Last week I had the pleasure to chat with Amelia Roberts, RN on her podcast. She owns “Solutions By Amelia”, whose mission is to “Do Entrepreneurship In Healthy Way”. She works with healthcare providers and others to help build their business and social media presence.
We talked about a variety of ways you can use social media for professional development. I had the pleasure of collaborating with Amelia last year on the Symplur/MedX challenge. We were able to dive deep into some social media analytics to find out of suicide prevention and professionals were “talking on twitter”.
We caught up on how I have been using social media to grow professionally, “listen” to conversations, and network… it was a great conversation and check it out here…
Earlier this summer, articles about “WoeBot” took social media by storm. Or at least in the mental health and technology circles I hang with. And in case you missed it the WoeBot is a automated chatbot that checks on you daily and offers some “sessions” in cognitive behavioral therapy. It was again brought up on Facebook and I sort of dismissed it. My gut reaction is there is no way that robot could replace a therapist and if it did. It would be rather clunky.
A robot doing therapy would probably look something like this. It would give a try but fall a bit short…
I thought about writing a blog post based on this GIF alone but wanted to do more research. Life happened and I moved on to other things. But a recent conversation on twitter renewed this topic for me and helped me refine my message…
The above articles and resources provided some more “use cases” for chat bots in both healthcare and mental health. This helped tip the scale for me. I am certainly more open the possibility of chatbots for mental health. Still maintaining my stance that technology can be an adjunct to treatment but not a full on replacement.
I think the WoeBot can be good adjunct to therapy. There could be two very useful scenarios. One would be those who are placed on a wait-list. To start some WoeBot sessions to get a sense of what CBT is like and if it is a good fit. The data that is generated can be useful for the first actual session. Similar to previous posts I have argued that data generated by using technology can create a “sitting around the campfire” talking about it scene. You can go into the session and talk about what you and WoeBot did.
The other useful scenario is as a bridge between therapy sessions. That again the conversation with the WoeBot can reinforce the face to face relationship with the therapist. Also thinking about how a WoeBot can be part of somebody’s discharge plan. That after you are done with therapy then use the WoeBot to reinforce things. If one does not feel like the WoeBot is enough they can promptly return to therapy.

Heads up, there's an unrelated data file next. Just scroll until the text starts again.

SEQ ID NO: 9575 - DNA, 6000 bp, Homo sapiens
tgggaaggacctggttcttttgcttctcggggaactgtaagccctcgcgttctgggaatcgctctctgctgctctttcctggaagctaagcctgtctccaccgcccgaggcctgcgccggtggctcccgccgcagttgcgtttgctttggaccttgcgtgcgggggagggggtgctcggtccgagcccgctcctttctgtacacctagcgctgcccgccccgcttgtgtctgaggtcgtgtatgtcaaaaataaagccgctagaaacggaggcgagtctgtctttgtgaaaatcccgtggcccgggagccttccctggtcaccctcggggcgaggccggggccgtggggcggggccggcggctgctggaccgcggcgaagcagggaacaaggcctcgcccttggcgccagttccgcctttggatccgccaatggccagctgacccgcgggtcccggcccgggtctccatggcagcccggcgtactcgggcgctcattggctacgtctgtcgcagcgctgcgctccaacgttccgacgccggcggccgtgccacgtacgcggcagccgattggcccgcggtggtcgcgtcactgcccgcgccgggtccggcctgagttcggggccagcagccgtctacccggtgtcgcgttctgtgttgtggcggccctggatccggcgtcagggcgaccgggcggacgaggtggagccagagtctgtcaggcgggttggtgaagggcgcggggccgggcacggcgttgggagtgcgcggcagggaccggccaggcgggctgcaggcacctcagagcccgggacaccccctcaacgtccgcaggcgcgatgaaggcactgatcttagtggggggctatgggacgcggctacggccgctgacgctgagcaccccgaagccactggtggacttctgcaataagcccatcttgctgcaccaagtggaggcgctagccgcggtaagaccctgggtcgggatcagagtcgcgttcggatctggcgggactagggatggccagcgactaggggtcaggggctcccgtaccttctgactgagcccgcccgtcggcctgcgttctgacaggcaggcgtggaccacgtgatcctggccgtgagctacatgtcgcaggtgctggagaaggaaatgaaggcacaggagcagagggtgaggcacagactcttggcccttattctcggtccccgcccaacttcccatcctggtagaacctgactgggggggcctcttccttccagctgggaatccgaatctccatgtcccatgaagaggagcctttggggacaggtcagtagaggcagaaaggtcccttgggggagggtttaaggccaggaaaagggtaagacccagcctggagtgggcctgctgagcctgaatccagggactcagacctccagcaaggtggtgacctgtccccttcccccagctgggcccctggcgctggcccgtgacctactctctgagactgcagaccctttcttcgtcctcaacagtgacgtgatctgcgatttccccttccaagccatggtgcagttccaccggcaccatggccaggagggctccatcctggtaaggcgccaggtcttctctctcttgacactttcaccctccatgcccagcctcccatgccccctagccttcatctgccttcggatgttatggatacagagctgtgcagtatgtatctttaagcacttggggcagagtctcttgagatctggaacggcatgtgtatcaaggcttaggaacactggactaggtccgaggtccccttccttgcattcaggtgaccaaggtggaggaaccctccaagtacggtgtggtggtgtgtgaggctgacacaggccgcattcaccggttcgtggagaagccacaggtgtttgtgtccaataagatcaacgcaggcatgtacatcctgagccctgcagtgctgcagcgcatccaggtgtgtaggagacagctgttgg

I continue to be enthused about mental health apps. However I remain cautious of these being stand alone treatments. Yes there are not enough therapists and psychiatrists. Yes we need to do something different. And no mental health professionals don’t have to run the other way from technology. We should be embracing mental health apps as our assists. In the case of WoeBot our virtual assistant. It would be in the interest of therapists and maybe insurance companies to take a deeper dive into this technology to see how we can make therapy a more active than a passive experience.
I would love to know your thoughts on this topic. Please feel free to comment below, yell at me on twitter @StuckOnSW, or email me at StuckOnSW@yahoo.com
The last two weeks have presented an interesting convergence of events. As a social worker attempting to keep up with the latest technology, I use several means. One of them is to follow two hashtags on twitter. #SWtech is a smallish group of social workers interested in the latest technology and its impact on our profession. The other is #HITsm. Readers of this blog are probably a more aware of this larger community. Networking with those on the #HITsm hashtag has helped shed light on the barriers and also innovations that drive health information technology. This knowledge is something I have tried to bring back to the #SWtech group and my social media audience. The social work community has been little skittish about health information technology. That privacy and cost often limit our ability to implement technology.